The prose poem is the perfect form for surreal vignettes that combine the tell-it-slant quality of poetry with the relaxed unfolding of a prose line. As in fables, the first sentences establish mysterious happenings as the new normal. There is no time for technical explanations of this strange world that waits inside our own. Mary A. Koncel’s assured voice convinces us that we live in a place where farmers burst into flames, lusty women smell men’s ripeness in the air, and horses wait prayerfully for their owners to fall back in love.
Koncel’s debut chapbook of prose poems, Closer to Day, was published in 1999 by Quale Press, one of the numerous small presses that enrich our Western Massachusetts culture. The editors have kindly given me permission to share the work below. For more of her work, check out her 2003 full-length collection from Tupelo Press, You Can Tell the Horse Anything.
The Neighborhood Man
A dog is rolling in the grass. A man walks by and thinks the dog is drowning. But the man’s not sure because he’s just a neighbor. The dog is very convincing, turning over and over, its long legs kicking up clumps of grass. The man strips off his suit, drops to his knees, and rolls in after the dog. He hopes the dog can hold on just a while longer.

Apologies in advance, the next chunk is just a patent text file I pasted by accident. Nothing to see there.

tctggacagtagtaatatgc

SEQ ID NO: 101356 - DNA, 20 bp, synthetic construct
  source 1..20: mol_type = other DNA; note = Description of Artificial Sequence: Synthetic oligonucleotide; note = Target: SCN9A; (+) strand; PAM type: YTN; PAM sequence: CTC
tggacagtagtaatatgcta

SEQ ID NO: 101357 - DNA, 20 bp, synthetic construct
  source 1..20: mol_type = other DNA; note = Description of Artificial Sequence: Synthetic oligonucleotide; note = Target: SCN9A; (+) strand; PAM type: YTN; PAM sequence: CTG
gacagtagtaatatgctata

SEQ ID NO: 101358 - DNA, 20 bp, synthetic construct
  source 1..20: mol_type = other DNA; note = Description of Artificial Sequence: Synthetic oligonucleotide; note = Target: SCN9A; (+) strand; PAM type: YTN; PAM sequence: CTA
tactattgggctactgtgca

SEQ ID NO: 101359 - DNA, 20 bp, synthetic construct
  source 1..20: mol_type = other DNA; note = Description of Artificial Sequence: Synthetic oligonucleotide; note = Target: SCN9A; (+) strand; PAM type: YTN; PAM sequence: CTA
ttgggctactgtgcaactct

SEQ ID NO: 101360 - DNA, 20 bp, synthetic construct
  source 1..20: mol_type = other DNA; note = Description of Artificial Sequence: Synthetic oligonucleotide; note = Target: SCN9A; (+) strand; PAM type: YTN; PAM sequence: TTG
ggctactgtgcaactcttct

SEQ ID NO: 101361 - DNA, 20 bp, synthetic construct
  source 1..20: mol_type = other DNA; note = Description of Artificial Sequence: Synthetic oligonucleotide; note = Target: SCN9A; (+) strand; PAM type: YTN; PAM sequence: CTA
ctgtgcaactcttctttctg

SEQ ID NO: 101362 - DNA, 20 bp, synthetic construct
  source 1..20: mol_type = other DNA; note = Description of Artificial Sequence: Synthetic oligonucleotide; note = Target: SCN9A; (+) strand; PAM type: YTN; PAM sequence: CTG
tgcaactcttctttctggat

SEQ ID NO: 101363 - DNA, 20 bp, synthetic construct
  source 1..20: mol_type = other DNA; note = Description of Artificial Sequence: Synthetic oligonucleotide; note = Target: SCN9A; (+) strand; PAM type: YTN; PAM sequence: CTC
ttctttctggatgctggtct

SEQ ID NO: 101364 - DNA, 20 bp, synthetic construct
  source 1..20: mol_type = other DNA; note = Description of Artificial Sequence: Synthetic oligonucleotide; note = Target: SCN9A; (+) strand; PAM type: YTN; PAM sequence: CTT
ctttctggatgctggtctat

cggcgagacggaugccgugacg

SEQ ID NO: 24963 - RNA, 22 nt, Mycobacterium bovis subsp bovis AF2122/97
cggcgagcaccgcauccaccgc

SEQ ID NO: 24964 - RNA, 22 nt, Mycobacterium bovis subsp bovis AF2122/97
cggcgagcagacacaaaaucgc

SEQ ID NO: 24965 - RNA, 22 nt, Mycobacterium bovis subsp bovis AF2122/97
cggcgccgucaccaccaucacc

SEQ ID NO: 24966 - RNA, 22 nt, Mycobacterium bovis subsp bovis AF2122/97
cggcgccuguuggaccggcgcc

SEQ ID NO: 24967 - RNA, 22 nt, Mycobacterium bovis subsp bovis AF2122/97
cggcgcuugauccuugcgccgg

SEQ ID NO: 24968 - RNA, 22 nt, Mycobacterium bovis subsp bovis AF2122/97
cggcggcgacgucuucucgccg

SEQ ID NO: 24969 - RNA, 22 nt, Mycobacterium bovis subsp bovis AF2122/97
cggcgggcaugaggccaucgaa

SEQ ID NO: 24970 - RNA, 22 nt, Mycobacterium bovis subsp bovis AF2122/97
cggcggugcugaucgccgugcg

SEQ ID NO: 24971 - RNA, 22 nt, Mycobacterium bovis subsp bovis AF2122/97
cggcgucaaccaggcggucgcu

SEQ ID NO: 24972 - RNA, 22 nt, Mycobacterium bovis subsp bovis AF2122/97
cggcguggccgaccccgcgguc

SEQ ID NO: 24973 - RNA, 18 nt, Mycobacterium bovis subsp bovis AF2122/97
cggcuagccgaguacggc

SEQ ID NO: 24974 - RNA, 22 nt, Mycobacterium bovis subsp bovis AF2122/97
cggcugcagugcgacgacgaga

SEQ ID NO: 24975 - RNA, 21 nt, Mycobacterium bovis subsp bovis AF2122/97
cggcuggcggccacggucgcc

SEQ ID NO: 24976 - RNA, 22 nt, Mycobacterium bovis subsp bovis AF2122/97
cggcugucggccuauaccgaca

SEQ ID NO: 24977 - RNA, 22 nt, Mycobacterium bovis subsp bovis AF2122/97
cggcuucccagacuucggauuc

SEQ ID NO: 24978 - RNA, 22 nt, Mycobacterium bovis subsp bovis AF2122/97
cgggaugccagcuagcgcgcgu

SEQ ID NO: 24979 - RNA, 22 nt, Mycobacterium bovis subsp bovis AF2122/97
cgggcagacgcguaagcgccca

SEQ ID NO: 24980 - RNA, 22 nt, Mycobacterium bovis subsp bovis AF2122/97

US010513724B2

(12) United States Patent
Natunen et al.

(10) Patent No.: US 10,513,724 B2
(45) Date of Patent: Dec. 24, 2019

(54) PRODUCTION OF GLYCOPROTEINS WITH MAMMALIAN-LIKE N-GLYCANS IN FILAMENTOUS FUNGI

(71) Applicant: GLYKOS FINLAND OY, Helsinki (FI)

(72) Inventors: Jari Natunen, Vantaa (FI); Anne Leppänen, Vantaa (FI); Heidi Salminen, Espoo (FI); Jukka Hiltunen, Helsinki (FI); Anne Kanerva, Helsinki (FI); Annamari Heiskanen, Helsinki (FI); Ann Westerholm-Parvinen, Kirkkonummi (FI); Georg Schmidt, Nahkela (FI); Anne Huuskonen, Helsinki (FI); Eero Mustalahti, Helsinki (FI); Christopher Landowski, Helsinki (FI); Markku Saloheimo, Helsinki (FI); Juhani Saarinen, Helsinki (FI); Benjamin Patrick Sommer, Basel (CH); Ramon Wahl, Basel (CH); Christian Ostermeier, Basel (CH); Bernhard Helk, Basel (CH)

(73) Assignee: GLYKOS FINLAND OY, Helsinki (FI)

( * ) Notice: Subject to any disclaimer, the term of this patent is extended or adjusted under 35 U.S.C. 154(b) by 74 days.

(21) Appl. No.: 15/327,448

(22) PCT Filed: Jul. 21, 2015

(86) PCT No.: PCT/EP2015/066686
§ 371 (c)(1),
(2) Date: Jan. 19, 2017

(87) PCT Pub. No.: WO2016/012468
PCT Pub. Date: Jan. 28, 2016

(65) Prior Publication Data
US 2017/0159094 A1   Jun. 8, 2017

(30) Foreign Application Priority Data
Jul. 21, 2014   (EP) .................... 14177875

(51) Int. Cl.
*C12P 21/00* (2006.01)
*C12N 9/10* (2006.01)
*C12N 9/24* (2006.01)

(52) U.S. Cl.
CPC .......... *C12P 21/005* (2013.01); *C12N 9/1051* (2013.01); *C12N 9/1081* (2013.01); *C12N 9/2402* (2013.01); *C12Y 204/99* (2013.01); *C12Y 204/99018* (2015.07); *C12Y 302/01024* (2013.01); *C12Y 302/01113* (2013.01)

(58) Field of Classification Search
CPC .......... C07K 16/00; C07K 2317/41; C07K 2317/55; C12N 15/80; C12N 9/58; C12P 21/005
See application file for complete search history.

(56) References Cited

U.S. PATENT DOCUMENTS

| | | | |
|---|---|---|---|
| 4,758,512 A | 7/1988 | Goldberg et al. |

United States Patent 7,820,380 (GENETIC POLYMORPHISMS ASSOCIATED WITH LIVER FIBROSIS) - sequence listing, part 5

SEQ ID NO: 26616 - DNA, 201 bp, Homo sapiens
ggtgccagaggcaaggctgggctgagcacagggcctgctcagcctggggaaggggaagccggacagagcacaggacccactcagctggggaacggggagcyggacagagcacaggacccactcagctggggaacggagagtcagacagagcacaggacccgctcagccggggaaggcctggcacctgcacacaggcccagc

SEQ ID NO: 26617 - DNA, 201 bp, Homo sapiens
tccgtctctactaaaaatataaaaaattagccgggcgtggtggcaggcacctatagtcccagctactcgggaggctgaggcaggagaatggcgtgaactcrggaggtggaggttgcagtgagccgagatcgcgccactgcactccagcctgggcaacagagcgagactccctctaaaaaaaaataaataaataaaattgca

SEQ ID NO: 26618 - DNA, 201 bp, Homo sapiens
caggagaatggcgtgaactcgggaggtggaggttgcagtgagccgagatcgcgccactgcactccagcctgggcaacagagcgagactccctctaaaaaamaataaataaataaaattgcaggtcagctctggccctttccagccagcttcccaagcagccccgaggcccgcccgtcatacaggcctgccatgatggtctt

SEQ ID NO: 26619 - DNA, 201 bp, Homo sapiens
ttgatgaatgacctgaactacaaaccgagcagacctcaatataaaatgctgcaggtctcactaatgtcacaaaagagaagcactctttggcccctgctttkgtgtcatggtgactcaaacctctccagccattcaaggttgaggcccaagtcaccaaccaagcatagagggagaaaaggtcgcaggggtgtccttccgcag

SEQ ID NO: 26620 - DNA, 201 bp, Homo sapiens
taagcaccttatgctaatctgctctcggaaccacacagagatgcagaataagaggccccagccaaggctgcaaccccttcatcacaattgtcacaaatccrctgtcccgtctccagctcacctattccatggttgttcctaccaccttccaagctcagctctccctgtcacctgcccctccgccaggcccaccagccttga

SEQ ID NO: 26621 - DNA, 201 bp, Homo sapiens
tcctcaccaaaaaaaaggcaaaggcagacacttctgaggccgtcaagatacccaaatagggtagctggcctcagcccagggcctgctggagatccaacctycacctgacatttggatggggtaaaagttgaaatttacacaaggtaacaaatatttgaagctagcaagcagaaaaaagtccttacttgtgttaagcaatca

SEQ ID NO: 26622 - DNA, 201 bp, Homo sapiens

The man is having problems. He’s getting very tired, barely able to keep his head above the grass. It’s very late. He hopes this will be over soon. But the dog is getting smaller, the grass much deeper.
Bless This Night
It’s almost like heaven out here. Ten miles of angel-pin turns, glittering blacktop, then a pair of straight yellow lines leading right to sweet soul of opossum, twin spirits of skunks.
Driving home, I think about Saint Francis, imagine him wandering through the woods, a flock of swallows buzzing his left eardrum, a raccoon or two draped over his shoulders like a favorite cardigan. A tall, awkward man, he had hands with white palms and strong straight fingers.
Out here, under these brooding stars and stark moon, animals are just as abundant. Cut loose from fur and body, they languish along the road: rabbits begin to hurry but stop in mid-air, a fox sniffs its blood, surprised by its cold, exquisite beauty, while tree frogs swallow deep, vaguely tasting the last sounds in their throats.
“Keep still,” Saint Francis would warn if he walked among these animals. “Keep still.” One hand pressed against his lips, the other held in blessing, he would stop at each one that raised its head and wanted more.
I could stop. I could stop, drop to my knees, and hold out my hands like Saint Francis, tell these animals that they have been good, good and wild. It’s time to surrender their hearts to me, their long and mournful howls, their hunger. Bless this night, bless this road and all that makes it heaven.